Belgium's political deadlock sparked a downgrade in its debt on Friday, possibly forcing the country to pay higher interest rates as it nears 18 months without a formal government.
Standard & Poor's downgraded Belgium's credit rating to double-A from double-A-plus, citing concerns about funding and market pressures, as the euro zone debt crisis continues to worsen.
We need a reply that is clear and credible if we are to avoid the worst, Belgium's caretaker prime minister, Yves Leterme, told Belgian television immediately after S&P's announcement.
The downgrade followed difficulties this week in Belgium's drawn-out attempt to form a government. Elio Di Rupo, leader of the French-speaking Socialists, had been trying to form a government based on a six-party coalition.
But he tendered his resignation on Monday after talks for a 2012 budget - agreement on which is a condition for forming a government - ground to a halt.
The announcement by Standard & Poor's reinforces further the necessity to finalize the 2012 budget in a very brief period, Finance Minister Didier Reynders said in a statement.
Economists said that the downgrade might force the political parties to forge an agreement over the weekend, but that this would still be too late for the country to avoid higher borrowing costs.
Even if they have an agreement tonight we will have to pay higher interest rates due to the lower rating, said Philippe Ledent, an economist at Bank Degroof.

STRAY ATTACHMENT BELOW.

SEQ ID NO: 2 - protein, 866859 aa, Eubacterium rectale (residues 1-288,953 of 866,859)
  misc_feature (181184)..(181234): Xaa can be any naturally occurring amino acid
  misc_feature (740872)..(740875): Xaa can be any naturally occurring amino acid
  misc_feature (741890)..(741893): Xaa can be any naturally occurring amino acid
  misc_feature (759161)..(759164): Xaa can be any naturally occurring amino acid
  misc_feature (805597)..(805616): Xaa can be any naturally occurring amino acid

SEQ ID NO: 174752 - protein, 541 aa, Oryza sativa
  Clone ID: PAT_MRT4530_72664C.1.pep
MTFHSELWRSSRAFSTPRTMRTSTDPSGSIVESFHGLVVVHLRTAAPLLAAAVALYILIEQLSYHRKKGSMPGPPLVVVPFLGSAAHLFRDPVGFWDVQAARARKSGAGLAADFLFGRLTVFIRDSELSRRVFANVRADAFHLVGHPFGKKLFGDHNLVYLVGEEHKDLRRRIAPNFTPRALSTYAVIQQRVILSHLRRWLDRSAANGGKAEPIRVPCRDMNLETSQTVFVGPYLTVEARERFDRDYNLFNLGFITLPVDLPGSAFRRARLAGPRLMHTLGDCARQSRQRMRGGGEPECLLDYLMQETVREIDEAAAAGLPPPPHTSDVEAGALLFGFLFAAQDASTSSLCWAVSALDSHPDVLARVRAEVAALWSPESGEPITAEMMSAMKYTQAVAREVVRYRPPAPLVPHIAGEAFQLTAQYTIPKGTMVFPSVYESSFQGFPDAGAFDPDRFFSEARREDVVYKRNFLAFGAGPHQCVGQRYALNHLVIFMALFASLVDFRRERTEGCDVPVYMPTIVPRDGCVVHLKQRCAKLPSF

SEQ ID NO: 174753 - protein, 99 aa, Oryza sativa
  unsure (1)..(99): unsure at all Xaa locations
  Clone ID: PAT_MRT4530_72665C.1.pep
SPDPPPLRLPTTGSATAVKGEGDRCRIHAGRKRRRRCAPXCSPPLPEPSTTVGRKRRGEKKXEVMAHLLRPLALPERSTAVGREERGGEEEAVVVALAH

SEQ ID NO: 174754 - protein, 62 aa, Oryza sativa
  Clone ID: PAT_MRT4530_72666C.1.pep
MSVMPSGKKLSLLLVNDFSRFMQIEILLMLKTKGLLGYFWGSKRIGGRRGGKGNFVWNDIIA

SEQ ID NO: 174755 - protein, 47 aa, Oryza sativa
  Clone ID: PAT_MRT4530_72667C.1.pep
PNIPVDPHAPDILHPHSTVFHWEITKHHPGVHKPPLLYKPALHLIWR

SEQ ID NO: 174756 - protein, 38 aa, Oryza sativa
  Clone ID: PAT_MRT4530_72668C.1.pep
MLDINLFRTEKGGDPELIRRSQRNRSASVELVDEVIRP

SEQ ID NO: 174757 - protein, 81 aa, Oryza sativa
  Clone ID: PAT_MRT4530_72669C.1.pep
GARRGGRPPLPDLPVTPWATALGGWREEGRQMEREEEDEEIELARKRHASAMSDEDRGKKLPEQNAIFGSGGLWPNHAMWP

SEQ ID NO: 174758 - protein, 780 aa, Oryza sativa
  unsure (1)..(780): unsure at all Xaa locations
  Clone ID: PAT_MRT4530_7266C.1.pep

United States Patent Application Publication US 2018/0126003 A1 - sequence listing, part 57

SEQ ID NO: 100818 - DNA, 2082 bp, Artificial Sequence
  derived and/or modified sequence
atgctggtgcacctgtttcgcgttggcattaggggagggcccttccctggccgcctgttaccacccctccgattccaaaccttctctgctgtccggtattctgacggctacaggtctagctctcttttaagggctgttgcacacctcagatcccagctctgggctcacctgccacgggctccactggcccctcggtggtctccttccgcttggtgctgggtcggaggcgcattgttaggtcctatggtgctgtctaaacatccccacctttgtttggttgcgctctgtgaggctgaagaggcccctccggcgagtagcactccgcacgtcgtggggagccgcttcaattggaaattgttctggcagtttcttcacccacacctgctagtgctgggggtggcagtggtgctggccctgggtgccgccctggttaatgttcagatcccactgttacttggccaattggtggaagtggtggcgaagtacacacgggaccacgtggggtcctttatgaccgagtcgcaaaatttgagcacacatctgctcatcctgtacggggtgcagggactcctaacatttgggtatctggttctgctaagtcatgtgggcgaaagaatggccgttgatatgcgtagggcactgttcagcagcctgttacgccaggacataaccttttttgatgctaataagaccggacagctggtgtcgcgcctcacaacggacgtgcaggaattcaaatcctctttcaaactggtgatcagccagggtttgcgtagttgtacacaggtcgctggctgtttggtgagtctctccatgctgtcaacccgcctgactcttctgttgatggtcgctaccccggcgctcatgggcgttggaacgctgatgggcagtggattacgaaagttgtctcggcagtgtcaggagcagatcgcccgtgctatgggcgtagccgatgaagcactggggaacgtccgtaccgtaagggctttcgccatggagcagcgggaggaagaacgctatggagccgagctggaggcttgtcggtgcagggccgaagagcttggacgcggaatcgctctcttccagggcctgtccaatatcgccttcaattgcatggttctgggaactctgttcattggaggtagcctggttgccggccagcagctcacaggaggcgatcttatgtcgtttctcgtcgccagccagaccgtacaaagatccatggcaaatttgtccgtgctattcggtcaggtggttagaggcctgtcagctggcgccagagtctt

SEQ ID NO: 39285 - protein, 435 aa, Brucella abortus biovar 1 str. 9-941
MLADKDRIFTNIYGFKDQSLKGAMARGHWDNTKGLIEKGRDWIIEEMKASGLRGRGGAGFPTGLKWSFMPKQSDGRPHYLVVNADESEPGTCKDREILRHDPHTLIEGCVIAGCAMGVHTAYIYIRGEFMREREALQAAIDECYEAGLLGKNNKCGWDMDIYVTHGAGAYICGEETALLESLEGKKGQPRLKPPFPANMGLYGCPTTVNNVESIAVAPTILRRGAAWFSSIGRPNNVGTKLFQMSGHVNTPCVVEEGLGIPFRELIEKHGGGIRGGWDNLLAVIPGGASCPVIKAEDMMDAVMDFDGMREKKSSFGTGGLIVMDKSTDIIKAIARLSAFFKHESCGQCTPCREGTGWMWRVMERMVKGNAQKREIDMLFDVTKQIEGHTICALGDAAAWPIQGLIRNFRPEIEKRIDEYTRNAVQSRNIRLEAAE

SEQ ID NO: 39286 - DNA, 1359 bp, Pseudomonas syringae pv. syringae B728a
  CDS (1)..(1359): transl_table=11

In its statement, S&P said: We think the Belgian government's capacity to prevent an increase in general government debt, which we consider to be already at high levels, is being constrained by rapid private sector deleveraging both in Belgium and among many of Belgium's key trading partners.
Barclays Capital economist Francois Cabau pointed out that Belgium had been on a negative outlook for a year, so the announcement was not big news.
I guess they saw enough in terms of the political uncertainty, he said.
Reynders said that Belgium's credit rating was still one of the most solid in Europe, and that its heavy debt burden was already heading downwards.
Though Belgium's outstanding debt is nearly as big as its gross domestic product, making it one of the most indebted countries in Europe, the country's budget deficit is forecast to be relatively low this year at 3.6 percent.
The six parties involved in the budget talks are aiming at a budget deficit of 2.8 percent of GDP for next year, but have failed to agree how much of the savings should come from higher taxes and how much from public spending cuts.
The budget wrangling and a wider loss of confidence in European sovereign debt have pushed up Belgium's borrowing costs sharply. At the end of September, the yield on benchmark 10-year government bonds was under 3.9 percent. On Friday, it was up to 5.9 percent.
Belgium's downgrade followed another rough week in European sovereign debt markets. Italy paid a record 6.5 percent to borrow money over six months on Friday, raising the pressure on Rome's new emergency government.
The S&P announcement is a sign of further deterioration across the euro zone, said Mark Luschini, chief market strategist in Janney Montgomery Scott in Philadelphia. The threat is creeping closer to the core member. It's evident that their situation is untenable.
(Reporting By Sebastian Moffett. Additional reporting by Alexandria Sage in Paris and Richard Leong in New York. Editing by Jan Strupczewski and Kenneth Barry)